This is said to be the worst shrimp season South Mississippi shrimpers have ever seen. Local shrimpers have been wrestling with record-high fuel prices and a poor harvest since the season opened in June.
The April Dawn pulled into the Biloxi smallcraft harbor Tuesday afternoon.
"We have been up at the Hurricane Hole up by Cedar Lake. I think everybody around here is now familiar with it," said shrimper Mina Hasten.
The Hastens haven't been able to drop their nets in more than a week because of Tropical Storm Cindy and Hurricane Dennis. Tuesday afternoon, the Hastens were unsure if they were going to head out and try to make up for lost time and money.
"It's really ify. Sometimes you can ride out after a storm and you can really catch a lot of shrimp, and sometimes you don't. It's just like when the season opens, you never know what's going to be out there," Hasten said.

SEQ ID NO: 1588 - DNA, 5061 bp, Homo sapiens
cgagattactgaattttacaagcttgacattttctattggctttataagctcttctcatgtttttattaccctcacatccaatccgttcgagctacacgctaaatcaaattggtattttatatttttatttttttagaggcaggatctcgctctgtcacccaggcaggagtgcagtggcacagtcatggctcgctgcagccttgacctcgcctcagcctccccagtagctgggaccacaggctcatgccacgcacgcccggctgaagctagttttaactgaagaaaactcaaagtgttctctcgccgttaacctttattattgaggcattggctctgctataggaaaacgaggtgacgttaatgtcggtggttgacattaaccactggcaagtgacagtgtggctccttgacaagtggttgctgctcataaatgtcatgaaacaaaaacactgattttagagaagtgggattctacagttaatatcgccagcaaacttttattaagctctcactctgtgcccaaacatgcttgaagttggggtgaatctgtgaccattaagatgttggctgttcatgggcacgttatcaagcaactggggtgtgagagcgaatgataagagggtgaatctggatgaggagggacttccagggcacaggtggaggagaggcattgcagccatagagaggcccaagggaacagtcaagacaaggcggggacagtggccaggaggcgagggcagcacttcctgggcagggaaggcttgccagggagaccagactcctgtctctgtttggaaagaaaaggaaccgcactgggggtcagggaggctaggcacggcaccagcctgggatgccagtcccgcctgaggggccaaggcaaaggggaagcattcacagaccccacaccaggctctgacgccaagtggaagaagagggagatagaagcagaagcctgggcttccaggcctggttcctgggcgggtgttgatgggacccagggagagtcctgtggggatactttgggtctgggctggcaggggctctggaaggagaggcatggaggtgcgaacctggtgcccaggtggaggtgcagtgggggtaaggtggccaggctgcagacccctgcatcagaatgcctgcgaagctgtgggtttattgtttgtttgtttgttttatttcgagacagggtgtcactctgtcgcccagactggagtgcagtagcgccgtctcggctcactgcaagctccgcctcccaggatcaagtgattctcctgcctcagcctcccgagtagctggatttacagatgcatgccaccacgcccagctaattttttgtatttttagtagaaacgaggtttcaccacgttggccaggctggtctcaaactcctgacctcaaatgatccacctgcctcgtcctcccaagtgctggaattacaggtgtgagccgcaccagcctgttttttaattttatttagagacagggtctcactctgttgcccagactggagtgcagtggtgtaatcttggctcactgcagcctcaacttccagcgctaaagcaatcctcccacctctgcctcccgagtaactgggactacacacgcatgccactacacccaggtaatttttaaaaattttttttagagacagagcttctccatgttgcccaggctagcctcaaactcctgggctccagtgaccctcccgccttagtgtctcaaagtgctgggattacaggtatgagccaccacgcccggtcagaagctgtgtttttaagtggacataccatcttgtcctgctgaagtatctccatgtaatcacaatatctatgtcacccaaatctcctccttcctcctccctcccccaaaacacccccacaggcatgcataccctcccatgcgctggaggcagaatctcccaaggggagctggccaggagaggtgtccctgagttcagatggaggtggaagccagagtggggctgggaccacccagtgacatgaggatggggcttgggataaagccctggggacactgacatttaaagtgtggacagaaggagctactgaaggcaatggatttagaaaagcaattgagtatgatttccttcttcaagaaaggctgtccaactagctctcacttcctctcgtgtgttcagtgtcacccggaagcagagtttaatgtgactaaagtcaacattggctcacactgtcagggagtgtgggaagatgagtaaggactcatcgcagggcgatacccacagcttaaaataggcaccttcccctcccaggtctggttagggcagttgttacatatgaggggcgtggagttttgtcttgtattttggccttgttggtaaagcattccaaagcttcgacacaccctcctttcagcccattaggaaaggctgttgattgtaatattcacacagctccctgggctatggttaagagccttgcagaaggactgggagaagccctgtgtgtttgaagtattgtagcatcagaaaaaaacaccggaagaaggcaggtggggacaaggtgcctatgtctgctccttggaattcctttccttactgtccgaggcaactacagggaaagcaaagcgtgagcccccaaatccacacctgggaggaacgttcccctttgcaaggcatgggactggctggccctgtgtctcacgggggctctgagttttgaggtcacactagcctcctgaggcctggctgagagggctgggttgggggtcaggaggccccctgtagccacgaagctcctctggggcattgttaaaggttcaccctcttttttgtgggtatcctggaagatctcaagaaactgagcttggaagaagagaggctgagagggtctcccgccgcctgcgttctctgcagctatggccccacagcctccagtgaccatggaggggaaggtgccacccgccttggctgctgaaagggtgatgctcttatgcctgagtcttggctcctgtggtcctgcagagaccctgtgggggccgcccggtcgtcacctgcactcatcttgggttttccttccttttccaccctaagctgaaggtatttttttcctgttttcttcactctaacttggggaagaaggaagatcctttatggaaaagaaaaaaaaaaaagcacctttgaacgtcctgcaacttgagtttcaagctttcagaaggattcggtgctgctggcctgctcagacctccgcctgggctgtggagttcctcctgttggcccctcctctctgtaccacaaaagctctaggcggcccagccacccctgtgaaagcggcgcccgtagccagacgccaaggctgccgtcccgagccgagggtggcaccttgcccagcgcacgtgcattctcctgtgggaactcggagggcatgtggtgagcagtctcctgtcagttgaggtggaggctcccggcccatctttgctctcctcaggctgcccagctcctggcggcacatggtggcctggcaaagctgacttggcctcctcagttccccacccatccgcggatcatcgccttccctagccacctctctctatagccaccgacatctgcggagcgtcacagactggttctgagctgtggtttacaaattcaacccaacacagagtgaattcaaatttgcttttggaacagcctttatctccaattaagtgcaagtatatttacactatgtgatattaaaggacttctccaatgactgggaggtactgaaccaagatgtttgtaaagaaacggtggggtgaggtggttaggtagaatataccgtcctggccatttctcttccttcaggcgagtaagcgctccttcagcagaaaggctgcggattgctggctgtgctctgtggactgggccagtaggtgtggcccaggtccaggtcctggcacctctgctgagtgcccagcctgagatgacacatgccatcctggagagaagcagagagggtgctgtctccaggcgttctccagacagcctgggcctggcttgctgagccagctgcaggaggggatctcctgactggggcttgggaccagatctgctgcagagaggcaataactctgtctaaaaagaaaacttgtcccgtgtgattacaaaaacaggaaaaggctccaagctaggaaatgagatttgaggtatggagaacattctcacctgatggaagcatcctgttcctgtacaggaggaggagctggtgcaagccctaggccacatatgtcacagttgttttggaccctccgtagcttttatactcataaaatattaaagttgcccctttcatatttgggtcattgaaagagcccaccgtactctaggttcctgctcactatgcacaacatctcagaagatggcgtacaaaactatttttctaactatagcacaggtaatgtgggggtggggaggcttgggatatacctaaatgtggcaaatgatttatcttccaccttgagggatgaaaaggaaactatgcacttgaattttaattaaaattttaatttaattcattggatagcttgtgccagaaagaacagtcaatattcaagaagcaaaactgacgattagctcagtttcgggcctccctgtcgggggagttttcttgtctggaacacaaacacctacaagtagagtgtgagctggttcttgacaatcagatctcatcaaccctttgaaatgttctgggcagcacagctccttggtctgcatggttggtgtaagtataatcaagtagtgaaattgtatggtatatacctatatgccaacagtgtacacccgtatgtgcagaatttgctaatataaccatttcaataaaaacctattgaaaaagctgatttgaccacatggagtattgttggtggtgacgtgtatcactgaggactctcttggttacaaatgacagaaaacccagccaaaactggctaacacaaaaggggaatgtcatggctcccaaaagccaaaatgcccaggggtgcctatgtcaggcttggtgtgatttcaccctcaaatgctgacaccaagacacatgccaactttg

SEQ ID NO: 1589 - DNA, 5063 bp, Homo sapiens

But the Hastens do know about Emily.
"I've heard the word Emily. We were actually debating whether to come back to the harbor or just sit up there and wait for Emily to come up," Hasten said.
Meanwhile, most of the shrimp boats remain docked in the harbor.
"These are 16 to the pound, and they go for about $4.50, $5 a pound, when you can catch them," said shrimper James Miller.
He's a third generation shrimper who also just returned to the Biloxi smallcraft harbor, after seeking refuge from the storm. He's been shrimping for more than 30 years and says this is the worst season ever.
"These storms are really killing us. They're putting a damper on our business," Miller said.
Shrimping is Miller's sole source of livelihood. That's why he's going to take his chances and head out Wednesday to shrimp in Louisiana waters. Miller hopes the trip will be a profitable one, but doubts this is a trade he will be able to pass on to his son.
"It seems like it's a dying industry the way it's going."